During pandemics, it is typical for childhood immunizations, maternal healthcare, and healthcare for chronic health conditions to get cancelled or delayed because doctors, nurses, hospitals, and the rest of the healthcare system may be overloaded, and because people may be afraid to go in to doctors’ offices or hospitals for fear (sometimes rational) of being exposed to disease. In case your area is not yet greatly affected by COVID-19: Is there any normal childhood vaccination you want to be sure your child gets while he or she can? Any prenatal care or routine care for a chronic health condition you can get now instead of in a month? What about other conditions that are common ailments for you or your loved ones? Anything you can do to prepare to care for yourselves without normal medical care access in the coming months, in case it becomes harder to get time with doctors and nurses because they are overwhelmed? Do it now.
That said, it is never time to delay needed, urgent medical care. Not even during a pandemic. If you develop symptoms for which you would normally seek urgent medical care, then please find a way to seek that care promptly even if the normal avenues are closed or you are afraid of being exposed to the virus in a healthcare setting. This is especially true if you develop signs of a stroke. Those signs are easy to remember with the acronym FAST: Facial drooping, Arm weakness, Speech difficulty, and Time, as in, it’s time to get help. Sudden strokes of a dangerous kind appear to be much more common in otherwise healthy, young adults due to COVID-19, including in people who are only mildly symptomatic or asymptomatic but positive for COVID-19. Prompt stroke care is essential to prevent more permanent damage. This is a case where getting needed care as soon as possible is a form of preventive care, too.
Life, death, dignity, and choices
Let’s be straight: COVID-19 is potentially lethal, and this is even more true if you are middle-aged or older (because there is a strong age gradient in risk of death from it) and / or have existing medical problems (especially ones affecting the lungs, heart, or immune function). We hate to bring up some potentially depressing things right here in Level 1, when you and your loved ones are not even infected with the virus. But, if at all possible, you want to be level-headed and not rushed when you think about these things.
First, remember not to panic. Of all the people who get infected with the virus, many will show no symptoms. The majority of people who do show symptoms will have a mild or moderate version of the disease. The majority of the people who get sick do not need to go to hospital. Even among risk groups such as the elderly and people with multiple existing medical problems, most will survive. That all being said: the sad reality is that some COVID-19 patients will develop severe respiratory problems, and of those, some will die.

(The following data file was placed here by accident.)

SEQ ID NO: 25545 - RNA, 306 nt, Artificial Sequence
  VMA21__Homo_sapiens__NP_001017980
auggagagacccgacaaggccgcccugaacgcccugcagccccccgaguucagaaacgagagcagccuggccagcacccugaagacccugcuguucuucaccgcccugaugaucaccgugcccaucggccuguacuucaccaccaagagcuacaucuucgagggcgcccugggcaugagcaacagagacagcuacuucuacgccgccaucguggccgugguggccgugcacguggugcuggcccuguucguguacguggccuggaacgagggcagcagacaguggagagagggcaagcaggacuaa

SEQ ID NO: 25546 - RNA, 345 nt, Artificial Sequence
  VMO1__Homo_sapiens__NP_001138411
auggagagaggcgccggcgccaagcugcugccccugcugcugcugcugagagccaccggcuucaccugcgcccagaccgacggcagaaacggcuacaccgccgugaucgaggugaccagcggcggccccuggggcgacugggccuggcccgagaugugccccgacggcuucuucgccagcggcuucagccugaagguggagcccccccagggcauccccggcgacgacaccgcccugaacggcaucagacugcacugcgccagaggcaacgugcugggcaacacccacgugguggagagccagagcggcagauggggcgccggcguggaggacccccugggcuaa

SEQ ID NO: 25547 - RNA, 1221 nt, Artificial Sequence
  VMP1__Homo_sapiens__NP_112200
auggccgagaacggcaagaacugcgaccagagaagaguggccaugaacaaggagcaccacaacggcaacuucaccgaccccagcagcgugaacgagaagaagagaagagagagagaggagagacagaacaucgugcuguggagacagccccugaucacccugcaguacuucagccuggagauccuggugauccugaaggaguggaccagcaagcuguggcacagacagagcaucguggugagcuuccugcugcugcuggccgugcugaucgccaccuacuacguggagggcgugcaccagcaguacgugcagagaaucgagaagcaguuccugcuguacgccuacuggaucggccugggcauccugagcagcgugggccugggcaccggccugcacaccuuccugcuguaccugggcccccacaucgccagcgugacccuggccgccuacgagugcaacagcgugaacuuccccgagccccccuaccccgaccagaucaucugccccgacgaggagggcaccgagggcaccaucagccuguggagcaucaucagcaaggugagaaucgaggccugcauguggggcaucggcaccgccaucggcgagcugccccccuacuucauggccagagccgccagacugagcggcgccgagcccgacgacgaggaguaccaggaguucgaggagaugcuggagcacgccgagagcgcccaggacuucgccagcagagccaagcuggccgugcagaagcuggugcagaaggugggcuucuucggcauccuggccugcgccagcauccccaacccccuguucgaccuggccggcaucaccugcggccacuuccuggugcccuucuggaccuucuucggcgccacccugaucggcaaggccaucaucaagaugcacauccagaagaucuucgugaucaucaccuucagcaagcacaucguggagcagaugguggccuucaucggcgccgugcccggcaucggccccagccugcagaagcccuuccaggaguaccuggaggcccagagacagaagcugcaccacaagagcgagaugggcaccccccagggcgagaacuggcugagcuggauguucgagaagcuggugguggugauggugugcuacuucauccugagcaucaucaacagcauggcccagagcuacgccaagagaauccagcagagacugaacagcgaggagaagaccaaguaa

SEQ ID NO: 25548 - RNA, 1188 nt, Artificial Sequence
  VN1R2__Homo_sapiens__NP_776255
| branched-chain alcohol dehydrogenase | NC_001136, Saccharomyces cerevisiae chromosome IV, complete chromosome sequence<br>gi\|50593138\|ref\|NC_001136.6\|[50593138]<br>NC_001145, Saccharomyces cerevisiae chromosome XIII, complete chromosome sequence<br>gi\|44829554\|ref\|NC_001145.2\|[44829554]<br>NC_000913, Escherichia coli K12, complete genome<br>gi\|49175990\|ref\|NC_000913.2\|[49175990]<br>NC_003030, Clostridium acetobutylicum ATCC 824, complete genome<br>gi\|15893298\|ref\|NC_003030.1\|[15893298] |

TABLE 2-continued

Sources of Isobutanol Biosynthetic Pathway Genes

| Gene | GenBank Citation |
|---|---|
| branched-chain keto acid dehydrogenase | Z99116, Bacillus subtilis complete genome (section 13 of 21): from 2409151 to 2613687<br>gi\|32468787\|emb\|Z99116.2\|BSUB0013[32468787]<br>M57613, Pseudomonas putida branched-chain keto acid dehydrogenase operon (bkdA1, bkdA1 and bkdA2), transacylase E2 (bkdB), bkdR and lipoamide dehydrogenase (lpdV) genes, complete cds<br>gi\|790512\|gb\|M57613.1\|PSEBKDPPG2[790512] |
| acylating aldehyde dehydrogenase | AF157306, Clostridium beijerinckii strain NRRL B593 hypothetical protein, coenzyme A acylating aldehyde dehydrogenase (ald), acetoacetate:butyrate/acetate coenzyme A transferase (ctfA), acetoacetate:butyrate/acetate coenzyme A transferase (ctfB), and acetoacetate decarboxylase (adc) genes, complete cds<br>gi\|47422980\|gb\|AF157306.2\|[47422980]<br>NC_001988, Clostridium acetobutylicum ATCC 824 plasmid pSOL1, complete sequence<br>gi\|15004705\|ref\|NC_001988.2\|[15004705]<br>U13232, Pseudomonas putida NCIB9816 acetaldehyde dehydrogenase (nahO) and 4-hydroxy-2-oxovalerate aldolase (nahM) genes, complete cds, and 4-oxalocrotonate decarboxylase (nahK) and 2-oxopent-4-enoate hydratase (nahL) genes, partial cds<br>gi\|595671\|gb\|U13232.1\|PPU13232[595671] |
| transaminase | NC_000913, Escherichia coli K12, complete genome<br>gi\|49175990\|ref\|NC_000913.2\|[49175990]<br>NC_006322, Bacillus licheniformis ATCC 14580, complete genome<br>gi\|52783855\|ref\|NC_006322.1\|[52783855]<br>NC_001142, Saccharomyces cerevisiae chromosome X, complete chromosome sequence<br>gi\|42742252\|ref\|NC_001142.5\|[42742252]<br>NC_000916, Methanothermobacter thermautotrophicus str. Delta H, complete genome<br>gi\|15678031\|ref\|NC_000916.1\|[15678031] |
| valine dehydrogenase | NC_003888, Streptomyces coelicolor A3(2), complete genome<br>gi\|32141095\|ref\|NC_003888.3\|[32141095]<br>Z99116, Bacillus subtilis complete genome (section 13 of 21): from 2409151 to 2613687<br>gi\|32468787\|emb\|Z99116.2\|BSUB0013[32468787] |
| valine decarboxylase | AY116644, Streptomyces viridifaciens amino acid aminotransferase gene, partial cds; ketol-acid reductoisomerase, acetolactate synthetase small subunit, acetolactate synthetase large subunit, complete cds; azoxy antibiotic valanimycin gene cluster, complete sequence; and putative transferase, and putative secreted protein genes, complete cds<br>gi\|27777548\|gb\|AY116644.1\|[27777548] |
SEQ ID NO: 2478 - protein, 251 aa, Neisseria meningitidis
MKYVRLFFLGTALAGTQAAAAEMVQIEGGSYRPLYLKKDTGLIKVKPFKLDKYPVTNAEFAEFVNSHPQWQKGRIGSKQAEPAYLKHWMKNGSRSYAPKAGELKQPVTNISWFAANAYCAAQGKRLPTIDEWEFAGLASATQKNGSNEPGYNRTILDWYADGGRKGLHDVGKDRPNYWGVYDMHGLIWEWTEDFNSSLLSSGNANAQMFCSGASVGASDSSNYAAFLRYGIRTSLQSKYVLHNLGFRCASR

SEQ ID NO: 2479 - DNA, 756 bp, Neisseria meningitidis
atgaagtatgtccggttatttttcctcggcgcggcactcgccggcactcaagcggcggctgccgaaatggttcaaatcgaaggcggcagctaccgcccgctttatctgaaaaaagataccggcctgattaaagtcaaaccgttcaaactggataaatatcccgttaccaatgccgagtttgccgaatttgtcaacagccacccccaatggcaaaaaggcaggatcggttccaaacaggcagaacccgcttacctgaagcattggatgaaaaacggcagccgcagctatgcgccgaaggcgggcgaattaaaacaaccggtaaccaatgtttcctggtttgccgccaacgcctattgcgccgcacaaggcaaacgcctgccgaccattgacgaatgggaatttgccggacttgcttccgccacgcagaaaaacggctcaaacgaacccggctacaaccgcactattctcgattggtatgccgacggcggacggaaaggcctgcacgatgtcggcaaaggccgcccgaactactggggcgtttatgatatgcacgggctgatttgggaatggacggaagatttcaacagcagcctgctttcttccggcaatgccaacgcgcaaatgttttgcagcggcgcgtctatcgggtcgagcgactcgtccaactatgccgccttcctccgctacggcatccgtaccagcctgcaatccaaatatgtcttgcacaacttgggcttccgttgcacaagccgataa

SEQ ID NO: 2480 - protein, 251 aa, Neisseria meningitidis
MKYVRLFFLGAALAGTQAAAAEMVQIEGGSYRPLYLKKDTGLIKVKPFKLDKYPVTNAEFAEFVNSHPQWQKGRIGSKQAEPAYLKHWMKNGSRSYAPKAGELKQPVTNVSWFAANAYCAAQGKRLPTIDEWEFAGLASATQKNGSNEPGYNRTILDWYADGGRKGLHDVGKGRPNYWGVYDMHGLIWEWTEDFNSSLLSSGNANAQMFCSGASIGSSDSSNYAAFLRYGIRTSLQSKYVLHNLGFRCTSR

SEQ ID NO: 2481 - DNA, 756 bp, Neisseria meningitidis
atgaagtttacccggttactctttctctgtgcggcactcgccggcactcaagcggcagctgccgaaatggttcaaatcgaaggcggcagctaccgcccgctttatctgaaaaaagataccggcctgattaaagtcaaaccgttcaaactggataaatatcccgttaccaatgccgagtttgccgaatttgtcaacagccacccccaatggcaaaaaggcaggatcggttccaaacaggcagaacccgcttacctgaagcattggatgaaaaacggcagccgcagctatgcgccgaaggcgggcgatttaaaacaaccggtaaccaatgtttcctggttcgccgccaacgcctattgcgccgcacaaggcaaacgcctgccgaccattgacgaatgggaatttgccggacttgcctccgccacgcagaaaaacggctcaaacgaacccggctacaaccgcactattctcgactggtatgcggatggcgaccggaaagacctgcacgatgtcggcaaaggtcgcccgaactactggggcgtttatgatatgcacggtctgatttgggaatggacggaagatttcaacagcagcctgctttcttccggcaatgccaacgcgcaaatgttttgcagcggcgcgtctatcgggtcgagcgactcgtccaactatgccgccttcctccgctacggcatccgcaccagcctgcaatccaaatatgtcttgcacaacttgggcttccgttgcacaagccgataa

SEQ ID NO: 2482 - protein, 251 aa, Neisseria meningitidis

Many people have previously thought about how they would like to die when the time comes. We know most people (ourselves included) hate to think about death, but here are a few things that may guide your thinking:
- There’s no point in not mentioning it, since it’s all over the news: The COVID-19 crisis is already forcing doctors in the most affected areas to make terrible choices to distribute limited resources to the patients with the best prospects for recovery. For patients who are older (and this may mean different ages at different places and times) and / or have existing health problems, the terrible truth is that during the peak in cases in your area, some may simply not qualify for treatment.
- When thinking about the above, it’s important to simultaneously realize than even in the best of times, elderly people (generally defined as 65 years or older) with existing conditions have a low survival rate once they need to be mechanically ventilated.
- You may or may not want to be explicit as to what you want in case you face difficulty breathing. Many countries have “living will” (also known as advance directive) documents that let patients tell doctors what treatments they would not like to receive. Talk to your doctor if still possible and openly discuss different scenarios.
- Death in a hospital is likely to be a heartbreakingly lonely and technical affair that may first involve intubation, all sorts of other tubes and machines – and isolation from home and loved ones, possibly even during the last moments. Many hospitals have already stopped visitation altogether in order to lessen the spread of COVID-19.
- On the other hand, if you decide to stay at home when the time comes, you may need to arrange for palliative care and possibly for spiritual/religious and emotional support to the extent desired and possible. You may also want to pre-arrange access to pallative care medication (such as opiates and sedatives) that is no longer intended to prolong life, but to ease suffering during the dying process. In some countries, doctors can help patients have such medicines at home before the situation is dire, in case the time comes.
- You may want to talk about these things with others close to you if you find these issues difficult to think about on your own.